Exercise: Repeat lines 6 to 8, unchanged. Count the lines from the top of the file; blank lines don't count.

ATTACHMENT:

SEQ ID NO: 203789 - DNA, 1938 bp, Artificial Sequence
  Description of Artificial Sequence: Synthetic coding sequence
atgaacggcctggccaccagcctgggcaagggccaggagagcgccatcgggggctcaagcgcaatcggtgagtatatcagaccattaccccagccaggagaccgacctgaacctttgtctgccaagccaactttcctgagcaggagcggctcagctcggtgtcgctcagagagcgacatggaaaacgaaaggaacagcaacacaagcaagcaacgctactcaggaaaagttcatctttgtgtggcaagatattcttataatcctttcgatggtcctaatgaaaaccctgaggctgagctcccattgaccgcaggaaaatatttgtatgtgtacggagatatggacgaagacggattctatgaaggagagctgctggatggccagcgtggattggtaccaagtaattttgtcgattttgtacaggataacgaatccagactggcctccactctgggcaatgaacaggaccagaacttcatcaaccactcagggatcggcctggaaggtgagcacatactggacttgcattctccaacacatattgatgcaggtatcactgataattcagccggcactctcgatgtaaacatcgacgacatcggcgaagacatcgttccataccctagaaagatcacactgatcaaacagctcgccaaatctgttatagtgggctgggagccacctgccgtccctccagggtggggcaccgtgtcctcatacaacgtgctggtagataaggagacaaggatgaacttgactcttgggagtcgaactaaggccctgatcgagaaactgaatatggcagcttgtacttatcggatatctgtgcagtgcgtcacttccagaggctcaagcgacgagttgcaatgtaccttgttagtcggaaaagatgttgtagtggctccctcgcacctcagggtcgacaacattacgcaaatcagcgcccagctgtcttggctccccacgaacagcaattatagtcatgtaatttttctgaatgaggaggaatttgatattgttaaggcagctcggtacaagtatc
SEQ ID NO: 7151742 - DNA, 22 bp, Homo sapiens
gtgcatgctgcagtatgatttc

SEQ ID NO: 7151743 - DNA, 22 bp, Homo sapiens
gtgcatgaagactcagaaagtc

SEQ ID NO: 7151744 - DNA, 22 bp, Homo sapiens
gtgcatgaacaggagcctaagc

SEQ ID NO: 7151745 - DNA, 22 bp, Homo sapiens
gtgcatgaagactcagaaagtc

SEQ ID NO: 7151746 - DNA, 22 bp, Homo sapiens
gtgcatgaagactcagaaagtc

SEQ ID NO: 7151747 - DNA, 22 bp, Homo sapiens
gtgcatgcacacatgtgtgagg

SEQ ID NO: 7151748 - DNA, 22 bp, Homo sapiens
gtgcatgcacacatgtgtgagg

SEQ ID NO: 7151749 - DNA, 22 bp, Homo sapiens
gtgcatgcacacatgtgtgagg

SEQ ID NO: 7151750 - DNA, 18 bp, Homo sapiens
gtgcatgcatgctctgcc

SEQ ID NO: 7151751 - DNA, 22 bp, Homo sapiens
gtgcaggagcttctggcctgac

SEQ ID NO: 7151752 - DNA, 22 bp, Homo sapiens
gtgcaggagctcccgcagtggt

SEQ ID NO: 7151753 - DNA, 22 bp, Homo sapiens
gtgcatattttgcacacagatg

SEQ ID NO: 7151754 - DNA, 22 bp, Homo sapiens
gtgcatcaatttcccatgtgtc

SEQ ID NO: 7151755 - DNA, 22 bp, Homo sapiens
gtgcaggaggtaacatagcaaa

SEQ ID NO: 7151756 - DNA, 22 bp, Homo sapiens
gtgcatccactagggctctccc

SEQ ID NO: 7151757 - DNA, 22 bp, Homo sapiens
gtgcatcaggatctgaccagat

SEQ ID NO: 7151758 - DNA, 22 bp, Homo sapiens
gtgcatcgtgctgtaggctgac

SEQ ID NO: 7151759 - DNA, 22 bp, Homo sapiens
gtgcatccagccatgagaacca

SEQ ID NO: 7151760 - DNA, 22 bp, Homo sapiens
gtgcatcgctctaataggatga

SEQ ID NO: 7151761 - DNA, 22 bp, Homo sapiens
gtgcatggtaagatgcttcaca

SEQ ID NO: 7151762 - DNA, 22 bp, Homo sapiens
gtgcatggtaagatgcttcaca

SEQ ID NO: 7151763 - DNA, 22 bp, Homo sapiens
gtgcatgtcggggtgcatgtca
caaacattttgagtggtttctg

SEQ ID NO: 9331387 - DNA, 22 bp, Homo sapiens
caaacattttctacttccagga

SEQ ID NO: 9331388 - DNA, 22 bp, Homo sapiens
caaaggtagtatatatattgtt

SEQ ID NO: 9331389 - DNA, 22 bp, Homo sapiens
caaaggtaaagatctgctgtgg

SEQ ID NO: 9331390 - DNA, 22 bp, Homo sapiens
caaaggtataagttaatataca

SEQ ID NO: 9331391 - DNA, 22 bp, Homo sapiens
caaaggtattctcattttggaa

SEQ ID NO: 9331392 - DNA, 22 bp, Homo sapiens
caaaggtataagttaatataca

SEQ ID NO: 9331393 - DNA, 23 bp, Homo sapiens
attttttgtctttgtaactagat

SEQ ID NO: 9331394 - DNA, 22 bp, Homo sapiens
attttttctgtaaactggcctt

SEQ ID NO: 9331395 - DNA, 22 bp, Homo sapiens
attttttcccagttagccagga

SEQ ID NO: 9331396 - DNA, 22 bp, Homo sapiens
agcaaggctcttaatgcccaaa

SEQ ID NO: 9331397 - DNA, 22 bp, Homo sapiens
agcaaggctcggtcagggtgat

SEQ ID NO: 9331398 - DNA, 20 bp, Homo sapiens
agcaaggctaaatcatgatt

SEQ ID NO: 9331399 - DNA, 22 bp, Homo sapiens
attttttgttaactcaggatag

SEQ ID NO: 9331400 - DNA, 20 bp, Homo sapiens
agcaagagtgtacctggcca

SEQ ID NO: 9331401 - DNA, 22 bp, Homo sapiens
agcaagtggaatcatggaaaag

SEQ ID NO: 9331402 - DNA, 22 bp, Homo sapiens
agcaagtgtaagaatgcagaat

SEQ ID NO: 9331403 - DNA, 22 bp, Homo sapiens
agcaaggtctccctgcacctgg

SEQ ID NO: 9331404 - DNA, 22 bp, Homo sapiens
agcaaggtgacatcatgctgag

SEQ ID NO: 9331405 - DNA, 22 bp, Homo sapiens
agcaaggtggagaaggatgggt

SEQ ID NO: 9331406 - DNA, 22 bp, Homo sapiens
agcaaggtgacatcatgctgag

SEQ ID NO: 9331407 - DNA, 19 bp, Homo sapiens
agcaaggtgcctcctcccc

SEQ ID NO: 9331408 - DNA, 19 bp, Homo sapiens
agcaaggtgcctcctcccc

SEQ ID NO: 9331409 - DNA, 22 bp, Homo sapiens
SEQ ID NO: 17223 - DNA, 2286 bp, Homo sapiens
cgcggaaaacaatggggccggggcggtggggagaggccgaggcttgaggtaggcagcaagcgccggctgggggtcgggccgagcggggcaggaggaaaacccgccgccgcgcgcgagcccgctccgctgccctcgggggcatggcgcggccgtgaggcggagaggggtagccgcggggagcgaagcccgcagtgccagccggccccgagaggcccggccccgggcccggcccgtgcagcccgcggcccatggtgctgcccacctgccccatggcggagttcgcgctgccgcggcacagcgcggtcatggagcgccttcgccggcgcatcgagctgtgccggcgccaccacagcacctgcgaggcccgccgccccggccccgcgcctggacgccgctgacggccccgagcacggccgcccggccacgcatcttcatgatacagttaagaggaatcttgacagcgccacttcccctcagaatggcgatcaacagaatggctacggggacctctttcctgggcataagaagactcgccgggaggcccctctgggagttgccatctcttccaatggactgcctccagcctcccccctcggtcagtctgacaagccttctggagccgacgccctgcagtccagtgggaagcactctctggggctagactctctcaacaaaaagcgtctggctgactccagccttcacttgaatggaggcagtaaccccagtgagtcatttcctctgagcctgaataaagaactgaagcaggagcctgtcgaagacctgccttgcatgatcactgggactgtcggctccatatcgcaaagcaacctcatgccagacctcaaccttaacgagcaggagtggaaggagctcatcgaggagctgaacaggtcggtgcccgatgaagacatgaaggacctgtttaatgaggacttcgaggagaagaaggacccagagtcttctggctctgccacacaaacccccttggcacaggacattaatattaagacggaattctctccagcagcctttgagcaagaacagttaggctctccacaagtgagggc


SEQ ID NO: 7151743 - DNA, 22 bp, Homo sapiens
gtgcatgaagactcagaaagtc

SEQ ID NO: 7151744 - DNA, 22 bp, Homo sapiens